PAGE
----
But I find myself disinclined to shy away from the term ‘War’ (with a capital ‘W’), even if that feels like a ‘defeat’ in & of itself.

    It goes without saying that war can be economic or ideological as much as it can be an armed conflict. Indeed, they are just assorted tools in the same arsenal and perhaps form a predictable pattern or progression from one to the other. And perhaps in acknowledging the earlier stages, we are more able to avoid the later & more bloody stages, wherein all of us Plebs are ultimately shovelled off somewhere to be culled en masse…. be that in a trench or in a nursing home (?).

    …..Of course, from Iraq to Afghanistan, Yemen to Libya, Syria & Somalia, Venezuela, Brazil, Bolivia, Korea, Cuba, Central & West Africa & goodness knows where else, people will no doubt scoff at my sanctimonious & (overly)privileged bleeting about ‘pre-empting’ a bloody war, when they know full well that, for them at least, a bloody war has been in full effect for decades now.

    But, aside from that comfortable inconsideration on my part, I no longer feel overly alarmist to frame my concern within the context that there is a very dangerous ideological War being perpetrated. A War couched in terms of “isms”, be that neo-liberalism, capitalism or socialism, globalism, internationalism, nationalism or whatever, and that it is in fact no less about supremacy & profit than any other aggression in our collective past.

    The fact that this ideological battle fuels & underpins the actual blood’n’guts wars, that less fortunate/privileged people than myself have to deal with, is also not lost on me.

    I think that these ideological aggressors, alongside a most surprising assortment of cohorts & collaborators, invent, exacerbate &/or utilise a whole host of other tribal’isms, such as regionalism, racism, sexism or religionism (?!), to create a fog behind which they are able to operate with relative impunity (as long as busybodies like CM keep their noses out or get put away).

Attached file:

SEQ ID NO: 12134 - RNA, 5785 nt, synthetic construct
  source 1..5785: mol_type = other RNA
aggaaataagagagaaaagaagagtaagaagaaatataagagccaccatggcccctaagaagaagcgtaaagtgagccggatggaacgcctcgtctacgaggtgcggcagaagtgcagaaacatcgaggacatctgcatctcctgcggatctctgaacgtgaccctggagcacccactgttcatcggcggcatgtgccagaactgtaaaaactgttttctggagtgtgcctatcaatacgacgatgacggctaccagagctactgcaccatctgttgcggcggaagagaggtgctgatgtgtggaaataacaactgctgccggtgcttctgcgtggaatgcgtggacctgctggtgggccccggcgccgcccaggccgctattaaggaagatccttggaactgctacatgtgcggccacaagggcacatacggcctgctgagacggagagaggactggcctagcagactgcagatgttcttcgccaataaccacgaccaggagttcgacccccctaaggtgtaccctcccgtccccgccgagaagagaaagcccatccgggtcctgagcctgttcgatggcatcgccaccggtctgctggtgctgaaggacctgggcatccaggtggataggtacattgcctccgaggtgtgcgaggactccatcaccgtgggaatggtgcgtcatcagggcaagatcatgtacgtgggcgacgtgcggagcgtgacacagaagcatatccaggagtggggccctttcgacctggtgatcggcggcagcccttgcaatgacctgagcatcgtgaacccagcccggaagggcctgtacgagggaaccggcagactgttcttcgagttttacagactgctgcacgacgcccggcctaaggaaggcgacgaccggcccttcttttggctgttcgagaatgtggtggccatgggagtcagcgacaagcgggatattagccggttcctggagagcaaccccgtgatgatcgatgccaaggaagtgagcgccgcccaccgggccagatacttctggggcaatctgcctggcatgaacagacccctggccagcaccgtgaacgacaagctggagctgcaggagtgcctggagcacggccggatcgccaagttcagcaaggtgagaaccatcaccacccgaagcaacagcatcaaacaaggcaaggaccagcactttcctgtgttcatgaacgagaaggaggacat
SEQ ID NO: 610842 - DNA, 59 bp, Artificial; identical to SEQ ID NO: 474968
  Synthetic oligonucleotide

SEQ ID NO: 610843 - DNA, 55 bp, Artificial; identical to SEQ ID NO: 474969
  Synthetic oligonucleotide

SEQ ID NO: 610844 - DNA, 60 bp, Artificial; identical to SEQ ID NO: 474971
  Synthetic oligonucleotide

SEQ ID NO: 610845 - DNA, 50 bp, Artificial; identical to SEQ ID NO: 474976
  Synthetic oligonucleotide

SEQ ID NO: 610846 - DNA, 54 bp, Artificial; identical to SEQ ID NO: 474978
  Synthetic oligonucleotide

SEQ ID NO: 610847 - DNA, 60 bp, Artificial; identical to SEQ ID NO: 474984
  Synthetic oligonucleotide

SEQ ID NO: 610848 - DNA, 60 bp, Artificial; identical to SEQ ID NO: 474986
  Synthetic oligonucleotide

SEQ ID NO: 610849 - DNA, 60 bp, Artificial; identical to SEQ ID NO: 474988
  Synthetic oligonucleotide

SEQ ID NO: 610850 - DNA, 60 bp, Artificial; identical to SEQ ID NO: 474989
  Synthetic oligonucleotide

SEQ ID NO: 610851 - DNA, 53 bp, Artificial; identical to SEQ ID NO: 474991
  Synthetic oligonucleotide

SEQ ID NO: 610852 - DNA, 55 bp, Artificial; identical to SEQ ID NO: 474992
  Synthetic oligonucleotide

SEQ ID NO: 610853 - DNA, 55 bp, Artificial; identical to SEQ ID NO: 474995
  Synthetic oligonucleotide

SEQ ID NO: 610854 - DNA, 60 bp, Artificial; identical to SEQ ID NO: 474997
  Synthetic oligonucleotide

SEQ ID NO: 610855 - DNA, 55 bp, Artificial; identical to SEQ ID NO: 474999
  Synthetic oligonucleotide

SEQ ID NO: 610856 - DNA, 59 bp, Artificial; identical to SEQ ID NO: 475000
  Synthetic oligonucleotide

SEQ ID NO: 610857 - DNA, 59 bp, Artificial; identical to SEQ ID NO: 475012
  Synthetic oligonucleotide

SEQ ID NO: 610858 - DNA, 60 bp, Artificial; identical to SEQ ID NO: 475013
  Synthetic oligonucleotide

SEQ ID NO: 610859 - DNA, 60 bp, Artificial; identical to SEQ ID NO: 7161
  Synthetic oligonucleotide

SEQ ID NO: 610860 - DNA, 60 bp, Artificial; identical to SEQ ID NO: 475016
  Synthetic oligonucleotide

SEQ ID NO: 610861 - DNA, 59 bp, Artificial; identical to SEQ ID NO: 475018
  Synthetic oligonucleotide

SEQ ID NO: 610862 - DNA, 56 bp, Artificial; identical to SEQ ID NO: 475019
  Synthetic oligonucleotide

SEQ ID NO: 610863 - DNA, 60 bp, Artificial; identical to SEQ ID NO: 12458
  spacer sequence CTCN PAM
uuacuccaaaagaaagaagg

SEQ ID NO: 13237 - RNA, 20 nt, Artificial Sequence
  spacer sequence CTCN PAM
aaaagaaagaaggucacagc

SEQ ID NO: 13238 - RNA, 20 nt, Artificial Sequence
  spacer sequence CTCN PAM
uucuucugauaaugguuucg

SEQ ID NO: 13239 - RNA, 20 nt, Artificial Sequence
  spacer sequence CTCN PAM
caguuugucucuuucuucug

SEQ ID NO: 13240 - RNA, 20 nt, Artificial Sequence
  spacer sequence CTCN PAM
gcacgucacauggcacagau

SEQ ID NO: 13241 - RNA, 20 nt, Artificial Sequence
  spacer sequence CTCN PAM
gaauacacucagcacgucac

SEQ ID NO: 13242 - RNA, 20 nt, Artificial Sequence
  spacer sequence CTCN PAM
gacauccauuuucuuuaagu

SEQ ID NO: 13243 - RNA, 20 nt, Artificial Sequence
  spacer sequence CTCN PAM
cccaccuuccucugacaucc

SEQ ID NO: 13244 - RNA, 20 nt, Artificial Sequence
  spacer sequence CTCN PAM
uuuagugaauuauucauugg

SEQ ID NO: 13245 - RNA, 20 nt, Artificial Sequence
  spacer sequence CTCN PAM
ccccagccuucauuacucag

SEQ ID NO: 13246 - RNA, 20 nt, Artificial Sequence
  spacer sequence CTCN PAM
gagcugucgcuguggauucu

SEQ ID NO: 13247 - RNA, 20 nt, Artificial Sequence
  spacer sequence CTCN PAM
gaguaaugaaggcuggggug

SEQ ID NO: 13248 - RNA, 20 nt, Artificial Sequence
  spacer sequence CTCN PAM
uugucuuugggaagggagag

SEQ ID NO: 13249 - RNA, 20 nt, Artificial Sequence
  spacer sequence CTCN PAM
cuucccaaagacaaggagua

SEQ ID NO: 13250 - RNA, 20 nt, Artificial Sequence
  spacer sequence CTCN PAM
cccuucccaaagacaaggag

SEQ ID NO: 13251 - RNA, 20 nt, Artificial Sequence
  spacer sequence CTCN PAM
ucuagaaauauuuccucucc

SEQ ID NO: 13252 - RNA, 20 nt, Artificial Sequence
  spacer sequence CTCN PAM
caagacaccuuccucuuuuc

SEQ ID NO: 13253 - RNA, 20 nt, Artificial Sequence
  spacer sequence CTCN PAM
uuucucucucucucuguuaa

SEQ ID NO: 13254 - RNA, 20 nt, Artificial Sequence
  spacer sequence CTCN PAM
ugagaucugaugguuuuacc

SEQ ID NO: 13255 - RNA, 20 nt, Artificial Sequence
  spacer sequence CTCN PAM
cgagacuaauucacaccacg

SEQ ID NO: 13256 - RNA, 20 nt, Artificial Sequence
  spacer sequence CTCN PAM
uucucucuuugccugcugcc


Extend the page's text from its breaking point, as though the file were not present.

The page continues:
Vested interests are feverishly entrenching a narrative & status quo through legislation, robbery, perception management or bog standard bombs’n’bullets whenever that ‘status quo’ is threatened. All the while leaving ‘civilised’ norms behind in tatters – from Geneva Conventions to torturer, Nuremberg Principles to Wars of Aggression (that “Supreme!” war crime), freedom of speech to censorship & criminalisation, right to assemble & protest to needing police authorisation, from privacy to mass surveillance, journalist to stenographer, scientific debate to scientific orthodoxy.

    Were I forgiven for invoking that reference to ‘war’, then those oft quoted words about the first casualty being ‘truth’ would render the predicaments of JA, CM and so many others entirely predictable & about as hum drum as drones over Pakistan, albeit just as abhorrent.